According to Barclays, the hedge fund industry is still growing, but at a slower pace. It is now a mature industry, concentrated into fewer and larger players over time. The space now (as of 2012) has total AUM of a little under $2.3 trillion, but over the period of the preceding three years this growth had been driven more by performance than by net inflows.
Sixty-five percent of the AUM is held by just 108 managers.
That doesn’t mean that these are the days of wine and roses even for the managers of the largest players, the biggest goldfish in the bowl. Life for them, Barclays says, is “surprisingly challenging,” as indicated by the very high turnover in the names on the top 20 list.
Turnover and Growth
In 2002, the top 3 firms ranking by AUM were Caxton Associates, Andor Capital, and Cerberus., None of these three was still on the top twenty list in 2007.
In 2007, the top three were: JPMorgan (Highbridge), Farallon Capital, and Bridgewater Associates. Highbridge and Bridgewater were both new to the top twenty list. Citadel Investment Group was fourth by AUM in 2002. It had fallen to 14th five years later, and had dropped off the top-20 list entirely by 2012.
Falling out of the top 20 over the period 2002-07 meant something different from falling off the list over the period 2007-2012. In the boom years, a firm could fall off this list while still growing in size. In the bust years, only two of the top 20 (Bridgewater and Brevan Howard) increased in absolute size.
At any rate: another key point of the report is that there are four broad strategies toward growth: product specialists (PS); asset class specialists (ACS); multi-strategy managers (MSM); and diversified alternative asset managers (DAAM).
These terms mean what it sounds like they mean. Product Specialists, by virtue of their focus on a narrow range of products and investment strategies run lean organizations. Their focus “helps them to simplify operations and the marketing message.” Asset class specialists seek to brand themselves as the go-to managers for the clients’ needs within their area of focus. Multi-strategy firms end up with a “more complex and costly organization” that either of the two classes of specialist, but they don’t face the cyclicality problem that the specialists can. Finally, DAAMs not only offer a variety of HFs, they often offer products outside of the hedge fund ambit. The problem is that they may often have “too many sub-scale products” in the mix.
These four classes result from distinguishing between a “narrow” and a “broad” approach along each of two axes: products and expertise. The least popular approach to growth is that of the MSS: with broad expertise but a narrow range of products. Only 15% of the firms in Barclays sample fit that description. In 2007, only 10% did. The most popular strategy is that of ACS, with a broad range of products but a narrow expertise.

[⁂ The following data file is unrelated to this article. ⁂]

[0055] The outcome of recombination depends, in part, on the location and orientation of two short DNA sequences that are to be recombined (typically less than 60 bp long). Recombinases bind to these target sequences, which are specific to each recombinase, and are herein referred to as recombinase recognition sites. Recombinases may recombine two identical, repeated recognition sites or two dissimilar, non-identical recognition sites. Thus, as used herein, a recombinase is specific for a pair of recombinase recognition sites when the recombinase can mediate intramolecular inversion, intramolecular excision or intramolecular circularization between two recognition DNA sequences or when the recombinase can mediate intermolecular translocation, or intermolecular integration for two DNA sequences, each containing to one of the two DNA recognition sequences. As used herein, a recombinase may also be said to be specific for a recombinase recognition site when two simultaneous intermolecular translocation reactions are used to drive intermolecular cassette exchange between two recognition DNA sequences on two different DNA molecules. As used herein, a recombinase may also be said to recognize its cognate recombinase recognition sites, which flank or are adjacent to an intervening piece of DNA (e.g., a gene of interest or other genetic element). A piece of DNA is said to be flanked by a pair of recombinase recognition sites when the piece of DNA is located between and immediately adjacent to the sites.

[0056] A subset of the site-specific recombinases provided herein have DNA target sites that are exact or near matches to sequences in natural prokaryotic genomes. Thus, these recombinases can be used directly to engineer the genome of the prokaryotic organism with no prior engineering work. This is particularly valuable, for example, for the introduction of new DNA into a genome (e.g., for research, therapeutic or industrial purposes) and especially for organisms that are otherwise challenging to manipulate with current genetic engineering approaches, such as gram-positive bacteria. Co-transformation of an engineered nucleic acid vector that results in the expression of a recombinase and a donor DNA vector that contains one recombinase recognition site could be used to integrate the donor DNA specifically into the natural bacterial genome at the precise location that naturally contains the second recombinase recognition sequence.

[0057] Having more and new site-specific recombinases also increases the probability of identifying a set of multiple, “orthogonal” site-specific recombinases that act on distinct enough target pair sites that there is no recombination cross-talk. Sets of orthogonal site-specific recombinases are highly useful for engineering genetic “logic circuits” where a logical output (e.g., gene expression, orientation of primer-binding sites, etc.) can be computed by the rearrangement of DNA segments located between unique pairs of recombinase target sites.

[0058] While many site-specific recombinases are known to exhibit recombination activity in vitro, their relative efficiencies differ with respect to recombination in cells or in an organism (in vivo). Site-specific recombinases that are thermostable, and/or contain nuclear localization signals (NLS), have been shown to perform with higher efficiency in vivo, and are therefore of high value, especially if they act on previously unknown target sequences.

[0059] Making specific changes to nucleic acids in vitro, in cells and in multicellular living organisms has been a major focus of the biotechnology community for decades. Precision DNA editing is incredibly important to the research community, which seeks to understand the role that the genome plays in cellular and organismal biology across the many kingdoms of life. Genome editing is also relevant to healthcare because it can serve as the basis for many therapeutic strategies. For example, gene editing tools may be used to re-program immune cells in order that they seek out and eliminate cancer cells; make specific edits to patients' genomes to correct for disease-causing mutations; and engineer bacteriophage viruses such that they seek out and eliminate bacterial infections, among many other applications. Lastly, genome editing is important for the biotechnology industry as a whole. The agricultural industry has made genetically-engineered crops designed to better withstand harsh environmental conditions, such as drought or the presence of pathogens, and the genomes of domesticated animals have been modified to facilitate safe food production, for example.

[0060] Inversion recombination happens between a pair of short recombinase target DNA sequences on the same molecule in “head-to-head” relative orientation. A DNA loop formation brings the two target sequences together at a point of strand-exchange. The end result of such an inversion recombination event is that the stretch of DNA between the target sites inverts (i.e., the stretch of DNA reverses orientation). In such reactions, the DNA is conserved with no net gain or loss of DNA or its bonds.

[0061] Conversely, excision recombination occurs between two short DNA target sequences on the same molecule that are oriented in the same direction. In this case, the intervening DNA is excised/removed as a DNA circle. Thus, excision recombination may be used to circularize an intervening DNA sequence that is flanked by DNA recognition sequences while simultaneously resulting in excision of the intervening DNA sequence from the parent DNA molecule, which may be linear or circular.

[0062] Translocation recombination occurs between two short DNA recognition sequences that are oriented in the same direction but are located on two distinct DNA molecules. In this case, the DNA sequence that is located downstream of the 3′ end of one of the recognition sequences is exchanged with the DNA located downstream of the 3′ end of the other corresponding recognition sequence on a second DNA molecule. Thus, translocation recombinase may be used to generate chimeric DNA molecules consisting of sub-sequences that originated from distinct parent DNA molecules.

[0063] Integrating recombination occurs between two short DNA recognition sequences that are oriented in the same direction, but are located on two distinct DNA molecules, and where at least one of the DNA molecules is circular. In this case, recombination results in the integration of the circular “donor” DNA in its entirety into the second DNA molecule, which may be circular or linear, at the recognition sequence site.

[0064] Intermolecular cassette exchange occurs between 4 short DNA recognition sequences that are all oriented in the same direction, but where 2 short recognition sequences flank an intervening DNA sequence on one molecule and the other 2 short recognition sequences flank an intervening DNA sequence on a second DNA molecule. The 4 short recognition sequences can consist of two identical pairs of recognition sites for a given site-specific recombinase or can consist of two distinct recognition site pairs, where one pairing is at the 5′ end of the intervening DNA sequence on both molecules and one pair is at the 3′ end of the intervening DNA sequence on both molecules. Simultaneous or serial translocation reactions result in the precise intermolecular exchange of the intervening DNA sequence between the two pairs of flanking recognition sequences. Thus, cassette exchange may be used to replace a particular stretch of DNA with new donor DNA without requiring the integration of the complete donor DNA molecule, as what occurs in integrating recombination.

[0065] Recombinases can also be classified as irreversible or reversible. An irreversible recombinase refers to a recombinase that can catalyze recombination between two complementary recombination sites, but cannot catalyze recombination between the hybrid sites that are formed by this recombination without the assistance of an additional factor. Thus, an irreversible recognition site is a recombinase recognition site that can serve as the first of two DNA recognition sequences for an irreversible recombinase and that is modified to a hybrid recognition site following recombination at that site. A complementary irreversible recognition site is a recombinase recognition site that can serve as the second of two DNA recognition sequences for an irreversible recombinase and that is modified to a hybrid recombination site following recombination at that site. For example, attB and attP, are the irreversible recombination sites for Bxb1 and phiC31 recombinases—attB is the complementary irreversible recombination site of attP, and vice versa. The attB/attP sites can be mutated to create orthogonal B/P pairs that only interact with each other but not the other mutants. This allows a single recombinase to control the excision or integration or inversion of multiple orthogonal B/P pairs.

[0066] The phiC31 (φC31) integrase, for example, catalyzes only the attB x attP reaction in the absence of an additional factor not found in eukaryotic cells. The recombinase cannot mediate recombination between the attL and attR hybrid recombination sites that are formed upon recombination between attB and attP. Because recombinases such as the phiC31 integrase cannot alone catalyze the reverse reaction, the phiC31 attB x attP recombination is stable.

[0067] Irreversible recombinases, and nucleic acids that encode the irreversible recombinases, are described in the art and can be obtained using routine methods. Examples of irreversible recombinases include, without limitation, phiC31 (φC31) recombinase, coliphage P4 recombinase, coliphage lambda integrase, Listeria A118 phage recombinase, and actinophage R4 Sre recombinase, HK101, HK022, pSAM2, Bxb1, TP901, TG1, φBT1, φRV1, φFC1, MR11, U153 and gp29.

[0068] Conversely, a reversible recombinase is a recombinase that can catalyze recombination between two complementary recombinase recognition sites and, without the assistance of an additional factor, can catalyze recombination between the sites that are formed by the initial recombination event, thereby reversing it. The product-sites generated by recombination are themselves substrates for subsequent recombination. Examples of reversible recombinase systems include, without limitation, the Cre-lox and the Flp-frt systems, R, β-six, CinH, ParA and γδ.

Once in a while in a world of transience, a fund will change its growth model. Barclays says that 43% of “the managers in our sample have at some point changed their business model. The trend is generally in the direction of greater diversification of one sort of another: broader products, or broader expertise, or both.
There is a relationship between portfolio strategies and growth strategies. Some PS’ are more likely to remain PS’ than others, based on the particular portfolio expertise.
“The strategy most likely to stick to their original model in our sample was CTA/Managed Futures.” They can grow in ways that don’t require broadening either expertise or products, that is, they can move into new and more liquid markets within the very large managed futures world and this can remain PS’.
Equity and credit managers who start as PS’ often make the transition to ACS’ “drawing on their good reputation within the asset class to launch new products in the same space.”
Simple Case and Conclusion
But consider the simplest case: a PS (of any specialty) that grows within its existing product. Even here, there are execution/capacity issues that come with growth and Barclays cautions managers to plan for them.
The study looks at the difference between hedge funds that doubled their AUM within the course of the preceding two years and hedge funds that didn’t. Since 2006, this difference has been negative: that is, the fact of doubling is a drag on performance. Barclays attributes this to failures in addressing capacity issues.
The gist of the report is simply that hedge funds cannot grow in a sustainable way unless they have and execute a well thought out strategy. This means deliberate choices, not just “doing the same thing, just with more people and capital.”